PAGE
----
The Save Money Mindset and How We Did It
BY BRANDON VAGNER, CPA, Ph.D., & WALLET WIT FOUNDER
Learning how to save money is one of the hardest things for people to do, and it’s absolutely devastating a lot of people nearing retirement age. It’s no secret there are a lot of factors at play, but nobody can deny that a significant portion of people overspend and never start stashing money away. So, what’s the key you might ask? Well, I’m going to tell you how my wife and I really kicked our savings rate in gear.
My wife and I had a difficult time saving straight out of college, but that was because we didn’t have a money saving system or mindset in place as soon as we started our careers. A saving system such as the Digital Cash Envelope System is huge for your saving success, but a system can be overridden at any time without the right mindset. There is a single underlining concept that (1) gets people to start saving and (2) keeps them on a path of saving. That underlining concept is mindset.
How my wife and I are able to save money at an incredible rate
(1) We play the long game (save money now to realize the benefit later)
For those that are regular Wallet Wit blog readers, you know that my wife and I are fairly young (early 30’s) educators and business owners. We are a couple of extremely hard working St. Louis Cardinal fans (Don’t hold that against us) who believe in working your tail off for financial security.
I’ve been driving the same car for 10 years (how many personal finance bloggers can say that?) and we still have a couch I bought off my college roomate for $50. I’ll admit that I’ve wanted a truck for years and my wife has wanted to replace that couch for even longer, but we’re playing the long game. That long game is called a debt free and financially secure life.
Even though our car and couch are not worth anything, there is nothing wrong with them aside from the fact that they are not new. So, why would we need to replace them?
I talk to people all the time who are in extreme debt, but somehow just went out and purchased a $1,500 couch or a $30,000 car. Those people don’t have the long game mindset, and will unfortunately be in debt until they develop one. They have to begin to strategize their way out of debt and realize that taking on additional debt is only scratching a very expensive itch. It’s simply a short term fix.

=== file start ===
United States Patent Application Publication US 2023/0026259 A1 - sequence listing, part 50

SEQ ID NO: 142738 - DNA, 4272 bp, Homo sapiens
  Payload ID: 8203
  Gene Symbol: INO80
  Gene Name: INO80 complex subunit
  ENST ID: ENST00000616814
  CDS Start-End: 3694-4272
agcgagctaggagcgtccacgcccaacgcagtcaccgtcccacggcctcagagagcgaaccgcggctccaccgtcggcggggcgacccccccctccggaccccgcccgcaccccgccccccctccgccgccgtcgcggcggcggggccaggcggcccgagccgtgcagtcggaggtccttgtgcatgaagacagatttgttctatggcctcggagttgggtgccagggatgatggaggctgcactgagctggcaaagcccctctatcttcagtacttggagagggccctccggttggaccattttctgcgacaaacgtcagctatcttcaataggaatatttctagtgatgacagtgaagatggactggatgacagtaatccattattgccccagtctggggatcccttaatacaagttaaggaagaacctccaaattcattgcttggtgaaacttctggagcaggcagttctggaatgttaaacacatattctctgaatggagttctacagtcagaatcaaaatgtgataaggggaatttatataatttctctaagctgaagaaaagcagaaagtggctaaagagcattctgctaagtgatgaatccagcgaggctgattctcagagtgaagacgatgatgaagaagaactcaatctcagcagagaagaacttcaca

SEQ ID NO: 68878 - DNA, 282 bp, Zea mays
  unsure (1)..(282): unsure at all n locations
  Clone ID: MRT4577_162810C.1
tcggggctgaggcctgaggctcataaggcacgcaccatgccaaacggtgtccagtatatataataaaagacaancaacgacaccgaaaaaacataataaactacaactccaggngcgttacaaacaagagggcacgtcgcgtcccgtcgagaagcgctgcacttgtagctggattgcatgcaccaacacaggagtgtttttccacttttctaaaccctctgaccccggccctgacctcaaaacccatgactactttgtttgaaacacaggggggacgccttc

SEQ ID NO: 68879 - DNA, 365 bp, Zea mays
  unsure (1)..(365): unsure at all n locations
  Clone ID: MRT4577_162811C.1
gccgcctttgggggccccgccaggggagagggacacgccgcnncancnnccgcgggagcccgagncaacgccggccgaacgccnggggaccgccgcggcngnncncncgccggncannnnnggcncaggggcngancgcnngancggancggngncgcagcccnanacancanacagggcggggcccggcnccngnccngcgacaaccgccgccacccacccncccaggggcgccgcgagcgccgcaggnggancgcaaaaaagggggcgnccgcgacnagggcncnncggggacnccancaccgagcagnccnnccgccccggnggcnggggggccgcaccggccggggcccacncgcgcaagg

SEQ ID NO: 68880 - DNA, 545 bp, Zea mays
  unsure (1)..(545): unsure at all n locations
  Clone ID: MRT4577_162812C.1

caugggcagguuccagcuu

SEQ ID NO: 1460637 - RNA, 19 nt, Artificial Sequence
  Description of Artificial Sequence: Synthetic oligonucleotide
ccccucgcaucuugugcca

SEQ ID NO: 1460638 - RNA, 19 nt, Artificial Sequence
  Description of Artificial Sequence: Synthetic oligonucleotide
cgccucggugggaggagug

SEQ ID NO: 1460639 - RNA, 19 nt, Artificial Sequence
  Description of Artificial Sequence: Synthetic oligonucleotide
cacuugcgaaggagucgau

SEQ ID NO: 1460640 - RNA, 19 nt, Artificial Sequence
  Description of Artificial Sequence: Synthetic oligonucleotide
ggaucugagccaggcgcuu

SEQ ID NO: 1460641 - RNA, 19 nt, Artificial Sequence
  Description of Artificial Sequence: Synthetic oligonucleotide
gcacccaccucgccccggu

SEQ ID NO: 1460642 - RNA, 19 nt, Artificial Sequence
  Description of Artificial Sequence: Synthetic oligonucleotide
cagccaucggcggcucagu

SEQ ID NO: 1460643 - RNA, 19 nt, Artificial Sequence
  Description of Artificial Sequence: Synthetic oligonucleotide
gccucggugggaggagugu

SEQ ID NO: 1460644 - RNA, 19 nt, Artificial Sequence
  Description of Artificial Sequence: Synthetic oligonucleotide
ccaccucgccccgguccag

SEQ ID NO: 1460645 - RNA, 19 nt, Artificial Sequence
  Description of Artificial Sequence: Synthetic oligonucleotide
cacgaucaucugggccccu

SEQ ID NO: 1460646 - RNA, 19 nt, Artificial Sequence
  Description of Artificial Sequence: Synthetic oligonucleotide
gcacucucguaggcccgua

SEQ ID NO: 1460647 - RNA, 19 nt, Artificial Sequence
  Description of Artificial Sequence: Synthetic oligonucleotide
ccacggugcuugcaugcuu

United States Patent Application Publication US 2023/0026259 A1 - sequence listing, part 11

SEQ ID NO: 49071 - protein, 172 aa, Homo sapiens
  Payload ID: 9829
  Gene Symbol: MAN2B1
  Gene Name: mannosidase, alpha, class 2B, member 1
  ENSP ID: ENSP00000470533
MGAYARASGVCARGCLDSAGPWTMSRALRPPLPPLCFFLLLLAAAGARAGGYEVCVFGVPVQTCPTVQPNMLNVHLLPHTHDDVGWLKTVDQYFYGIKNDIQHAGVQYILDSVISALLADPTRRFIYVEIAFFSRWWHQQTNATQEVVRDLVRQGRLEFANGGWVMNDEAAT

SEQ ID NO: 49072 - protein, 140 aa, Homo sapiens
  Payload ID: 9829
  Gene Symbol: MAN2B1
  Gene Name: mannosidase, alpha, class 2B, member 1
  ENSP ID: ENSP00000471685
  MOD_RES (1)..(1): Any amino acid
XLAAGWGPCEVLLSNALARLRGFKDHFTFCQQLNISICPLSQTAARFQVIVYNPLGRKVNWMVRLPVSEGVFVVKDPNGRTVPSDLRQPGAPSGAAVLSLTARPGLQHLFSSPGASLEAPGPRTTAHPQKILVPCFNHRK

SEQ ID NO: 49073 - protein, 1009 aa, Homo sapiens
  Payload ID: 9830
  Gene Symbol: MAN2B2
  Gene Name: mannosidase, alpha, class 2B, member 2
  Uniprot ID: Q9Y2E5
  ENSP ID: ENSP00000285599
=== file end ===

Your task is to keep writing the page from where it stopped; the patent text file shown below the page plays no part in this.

To play the long game, you have to truly believe in the benefit of the long game.
(2) We don’t give in to temptations
You can want to play the long game all you want, but the truth is that many people who commit to it, just can’t get over their short term wants and desires.
There was a point in our lives where we would snap purchase all types of things. By far, the worst temptation we had was going out to eat. It always felt so good to have that nice meal out, but it definitely was not the same nice feeling on our financial savings.
You can’t win the long game if you’re constantly falling victim to short term temptations. You have to learn how to say “no” to yourself. Nobody else will, and typically you’ll find that people will encourage your bad behavior. That’s because they are most likely broke too.
(3) We work hard, but play hard for free
We both work crazy hard, BUT we love to play hard. The kicker is that we have found that we absolutely love doing things that don’t cost a thing.
We love getting outdoors to go on hikes, bike rides, runs, etc. We just can’t get enough of doing things out in nature. When we lived in St Louis we went to a place almost everyday that is a slice of heaven on earth. Creve Coeur lake has a bike / running trail that is about 4 miles around the lake. 1.5 miles of that is a beach that always attracts kayakers, wind surfers, and more. The rest of the trail is through woods that runs right next to the lake and is just incredible. There are tons of people out there everyday and you can just feed off all the energy from others. Even more, there are bike / running trails that spider out from the lake and I could actually ride my bike to Creve Coeur lake from our house that was about 5 miles away. See if there is something like this in your community.